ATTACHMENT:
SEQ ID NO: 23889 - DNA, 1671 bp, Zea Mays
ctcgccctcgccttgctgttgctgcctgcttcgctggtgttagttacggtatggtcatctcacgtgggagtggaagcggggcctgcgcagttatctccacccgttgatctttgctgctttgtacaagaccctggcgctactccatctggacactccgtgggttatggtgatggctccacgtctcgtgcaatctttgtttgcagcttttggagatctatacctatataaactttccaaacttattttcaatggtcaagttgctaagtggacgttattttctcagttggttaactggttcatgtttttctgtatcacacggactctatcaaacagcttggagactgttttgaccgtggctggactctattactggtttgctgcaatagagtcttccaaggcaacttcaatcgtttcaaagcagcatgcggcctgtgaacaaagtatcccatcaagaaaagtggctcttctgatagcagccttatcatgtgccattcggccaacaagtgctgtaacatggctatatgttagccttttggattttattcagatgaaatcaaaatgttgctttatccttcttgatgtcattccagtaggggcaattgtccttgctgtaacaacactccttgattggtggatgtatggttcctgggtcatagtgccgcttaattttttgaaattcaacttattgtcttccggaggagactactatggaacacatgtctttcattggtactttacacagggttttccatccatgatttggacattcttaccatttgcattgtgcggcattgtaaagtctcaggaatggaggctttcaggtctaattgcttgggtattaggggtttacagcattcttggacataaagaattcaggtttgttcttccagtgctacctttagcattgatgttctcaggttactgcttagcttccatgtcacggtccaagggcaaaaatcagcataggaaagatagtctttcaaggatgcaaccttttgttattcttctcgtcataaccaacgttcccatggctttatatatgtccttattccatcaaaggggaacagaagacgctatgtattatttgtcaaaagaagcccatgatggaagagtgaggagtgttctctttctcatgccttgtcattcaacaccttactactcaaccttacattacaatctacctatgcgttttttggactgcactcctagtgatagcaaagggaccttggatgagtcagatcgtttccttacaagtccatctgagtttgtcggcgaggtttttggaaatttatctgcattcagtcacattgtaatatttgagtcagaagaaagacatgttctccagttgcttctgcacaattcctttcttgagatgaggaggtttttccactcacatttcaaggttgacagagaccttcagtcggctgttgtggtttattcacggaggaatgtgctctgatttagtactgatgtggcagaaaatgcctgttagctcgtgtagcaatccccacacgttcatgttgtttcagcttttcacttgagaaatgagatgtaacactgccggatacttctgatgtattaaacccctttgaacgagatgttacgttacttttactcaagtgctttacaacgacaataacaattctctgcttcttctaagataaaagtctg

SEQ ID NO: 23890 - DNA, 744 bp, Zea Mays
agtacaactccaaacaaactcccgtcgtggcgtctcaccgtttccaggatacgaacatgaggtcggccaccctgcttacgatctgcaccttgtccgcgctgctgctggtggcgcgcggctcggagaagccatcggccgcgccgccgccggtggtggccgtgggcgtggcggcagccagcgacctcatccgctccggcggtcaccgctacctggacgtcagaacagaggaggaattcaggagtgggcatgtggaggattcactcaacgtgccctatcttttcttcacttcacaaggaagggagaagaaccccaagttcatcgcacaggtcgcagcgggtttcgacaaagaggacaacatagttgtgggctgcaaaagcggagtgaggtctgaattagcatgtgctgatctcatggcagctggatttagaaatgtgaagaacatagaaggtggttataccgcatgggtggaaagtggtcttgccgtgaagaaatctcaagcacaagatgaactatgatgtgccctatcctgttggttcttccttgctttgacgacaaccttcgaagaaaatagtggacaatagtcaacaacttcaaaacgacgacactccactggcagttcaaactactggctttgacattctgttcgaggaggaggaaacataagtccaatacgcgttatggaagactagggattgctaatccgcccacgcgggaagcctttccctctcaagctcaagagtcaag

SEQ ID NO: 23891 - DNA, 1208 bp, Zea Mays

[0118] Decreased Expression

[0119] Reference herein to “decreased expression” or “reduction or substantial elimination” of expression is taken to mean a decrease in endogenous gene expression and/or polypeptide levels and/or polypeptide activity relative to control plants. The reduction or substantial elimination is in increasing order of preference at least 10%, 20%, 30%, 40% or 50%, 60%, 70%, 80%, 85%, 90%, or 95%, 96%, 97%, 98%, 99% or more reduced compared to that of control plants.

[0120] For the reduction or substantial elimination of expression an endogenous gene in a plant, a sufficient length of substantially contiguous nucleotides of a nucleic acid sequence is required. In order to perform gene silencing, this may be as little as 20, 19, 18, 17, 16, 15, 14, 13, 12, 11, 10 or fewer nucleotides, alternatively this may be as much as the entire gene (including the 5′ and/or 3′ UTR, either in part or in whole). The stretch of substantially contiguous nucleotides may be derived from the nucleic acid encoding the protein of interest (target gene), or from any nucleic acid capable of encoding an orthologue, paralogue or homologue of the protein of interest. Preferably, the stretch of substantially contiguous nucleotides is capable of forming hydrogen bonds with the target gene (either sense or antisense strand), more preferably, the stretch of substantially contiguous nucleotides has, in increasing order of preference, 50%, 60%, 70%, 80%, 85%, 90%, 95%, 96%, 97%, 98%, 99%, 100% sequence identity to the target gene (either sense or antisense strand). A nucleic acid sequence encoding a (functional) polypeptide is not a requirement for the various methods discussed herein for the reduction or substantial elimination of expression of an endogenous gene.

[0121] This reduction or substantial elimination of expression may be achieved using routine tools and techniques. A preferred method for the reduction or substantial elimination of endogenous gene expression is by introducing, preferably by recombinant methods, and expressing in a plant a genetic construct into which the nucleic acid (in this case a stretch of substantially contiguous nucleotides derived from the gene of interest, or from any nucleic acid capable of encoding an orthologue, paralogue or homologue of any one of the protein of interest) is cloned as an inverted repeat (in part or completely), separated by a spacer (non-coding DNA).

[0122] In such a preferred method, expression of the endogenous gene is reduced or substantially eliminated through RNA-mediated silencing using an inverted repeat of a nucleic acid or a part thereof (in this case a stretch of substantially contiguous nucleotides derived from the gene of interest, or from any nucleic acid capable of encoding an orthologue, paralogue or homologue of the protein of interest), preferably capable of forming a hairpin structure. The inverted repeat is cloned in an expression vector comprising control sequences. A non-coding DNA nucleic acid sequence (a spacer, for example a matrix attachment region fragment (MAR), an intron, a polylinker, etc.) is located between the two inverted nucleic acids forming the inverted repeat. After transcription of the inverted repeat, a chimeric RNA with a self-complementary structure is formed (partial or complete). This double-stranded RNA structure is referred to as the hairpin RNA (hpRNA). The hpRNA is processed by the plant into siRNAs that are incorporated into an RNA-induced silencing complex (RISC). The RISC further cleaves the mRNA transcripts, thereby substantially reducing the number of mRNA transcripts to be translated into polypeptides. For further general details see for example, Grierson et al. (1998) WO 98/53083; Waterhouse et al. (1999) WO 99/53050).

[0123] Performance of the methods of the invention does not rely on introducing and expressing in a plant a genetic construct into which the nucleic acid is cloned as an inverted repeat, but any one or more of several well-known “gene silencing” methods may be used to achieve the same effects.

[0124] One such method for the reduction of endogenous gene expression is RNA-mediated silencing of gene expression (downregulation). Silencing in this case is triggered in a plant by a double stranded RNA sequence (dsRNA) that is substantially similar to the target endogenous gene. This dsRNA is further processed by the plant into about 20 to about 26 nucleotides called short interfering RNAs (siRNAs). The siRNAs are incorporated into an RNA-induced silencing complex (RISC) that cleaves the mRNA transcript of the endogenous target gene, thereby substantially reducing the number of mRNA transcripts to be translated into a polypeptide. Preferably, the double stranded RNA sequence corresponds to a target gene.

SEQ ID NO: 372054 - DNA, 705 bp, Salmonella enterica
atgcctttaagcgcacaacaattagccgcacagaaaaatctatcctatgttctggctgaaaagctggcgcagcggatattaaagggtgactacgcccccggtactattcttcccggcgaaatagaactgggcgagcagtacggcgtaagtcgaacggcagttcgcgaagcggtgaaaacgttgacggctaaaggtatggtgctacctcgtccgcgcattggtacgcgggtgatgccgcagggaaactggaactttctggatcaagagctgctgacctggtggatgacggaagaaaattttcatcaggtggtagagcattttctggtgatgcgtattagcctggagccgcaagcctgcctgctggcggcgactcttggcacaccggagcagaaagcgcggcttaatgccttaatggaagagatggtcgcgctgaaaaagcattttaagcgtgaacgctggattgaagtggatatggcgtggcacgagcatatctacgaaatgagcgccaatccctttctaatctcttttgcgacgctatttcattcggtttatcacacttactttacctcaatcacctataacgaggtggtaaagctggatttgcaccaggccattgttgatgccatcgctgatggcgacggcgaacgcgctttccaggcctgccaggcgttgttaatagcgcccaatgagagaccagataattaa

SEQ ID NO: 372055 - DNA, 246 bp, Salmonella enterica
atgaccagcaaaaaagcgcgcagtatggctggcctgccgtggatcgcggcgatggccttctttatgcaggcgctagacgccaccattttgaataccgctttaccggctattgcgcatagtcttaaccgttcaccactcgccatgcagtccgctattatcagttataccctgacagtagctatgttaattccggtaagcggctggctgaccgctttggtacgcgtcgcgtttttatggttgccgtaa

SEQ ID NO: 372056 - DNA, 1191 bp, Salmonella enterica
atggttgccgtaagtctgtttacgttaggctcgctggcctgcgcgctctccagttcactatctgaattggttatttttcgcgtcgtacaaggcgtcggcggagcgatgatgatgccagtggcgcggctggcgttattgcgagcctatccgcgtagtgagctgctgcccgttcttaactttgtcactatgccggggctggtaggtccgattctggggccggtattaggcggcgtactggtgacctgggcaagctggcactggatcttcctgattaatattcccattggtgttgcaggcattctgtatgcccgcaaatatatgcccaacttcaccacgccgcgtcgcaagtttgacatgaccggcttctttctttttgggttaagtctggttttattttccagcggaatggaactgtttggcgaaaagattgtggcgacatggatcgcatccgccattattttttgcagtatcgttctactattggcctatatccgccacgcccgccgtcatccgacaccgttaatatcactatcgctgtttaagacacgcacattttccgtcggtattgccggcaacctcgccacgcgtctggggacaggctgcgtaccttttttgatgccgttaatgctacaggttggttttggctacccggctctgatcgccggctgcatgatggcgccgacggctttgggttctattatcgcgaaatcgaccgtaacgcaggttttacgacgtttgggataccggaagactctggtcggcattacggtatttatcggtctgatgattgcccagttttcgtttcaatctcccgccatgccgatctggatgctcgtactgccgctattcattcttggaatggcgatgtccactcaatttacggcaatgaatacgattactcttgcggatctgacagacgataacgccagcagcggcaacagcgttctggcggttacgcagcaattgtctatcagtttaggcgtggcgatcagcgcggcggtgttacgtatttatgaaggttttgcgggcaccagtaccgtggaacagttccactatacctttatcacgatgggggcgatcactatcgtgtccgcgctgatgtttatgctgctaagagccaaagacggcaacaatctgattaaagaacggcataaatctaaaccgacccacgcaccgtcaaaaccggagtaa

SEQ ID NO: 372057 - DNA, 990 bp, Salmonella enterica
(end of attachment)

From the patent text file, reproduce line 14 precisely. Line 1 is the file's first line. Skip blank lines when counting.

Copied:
atgcctttaagcgcacaacaattagccgcacagaaaaatctatcctatgttctggctgaaaagctggcgcagcggatattaaagggtgactacgcccccggtactattcttcccggcgaaatagaactgggcgagcagtacggcgtaagtcgaacggcagttcgcgaagcggtgaaaacgttgacggctaaaggtatggtgctacctcgtccgcgcattggtacgcgggtgatgccgcagggaaactggaactttctggatcaagagctgctgacctggtggatgacggaagaaaattttcatcaggtggtagagcattttctggtgatgcgtattagcctggagccgcaagcctgcctgctggcggcgactcttggcacaccggagcagaaagcgcggcttaatgccttaatggaagagatggtcgcgctgaaaaagcattttaagcgtgaacgctggattgaagtggatatggcgtggcacgagcatatctacgaaatgagcgccaatccctttctaatctcttttgcgacgctatttcattcggtttatcacacttactttacctcaatcacctataacgaggtggtaaagctggatttgcaccaggccattgttgatgccatcgctgatggcgacggcgaacgcgctttccaggcctgccaggcgttgttaatagcgcccaatgagagaccagataattaa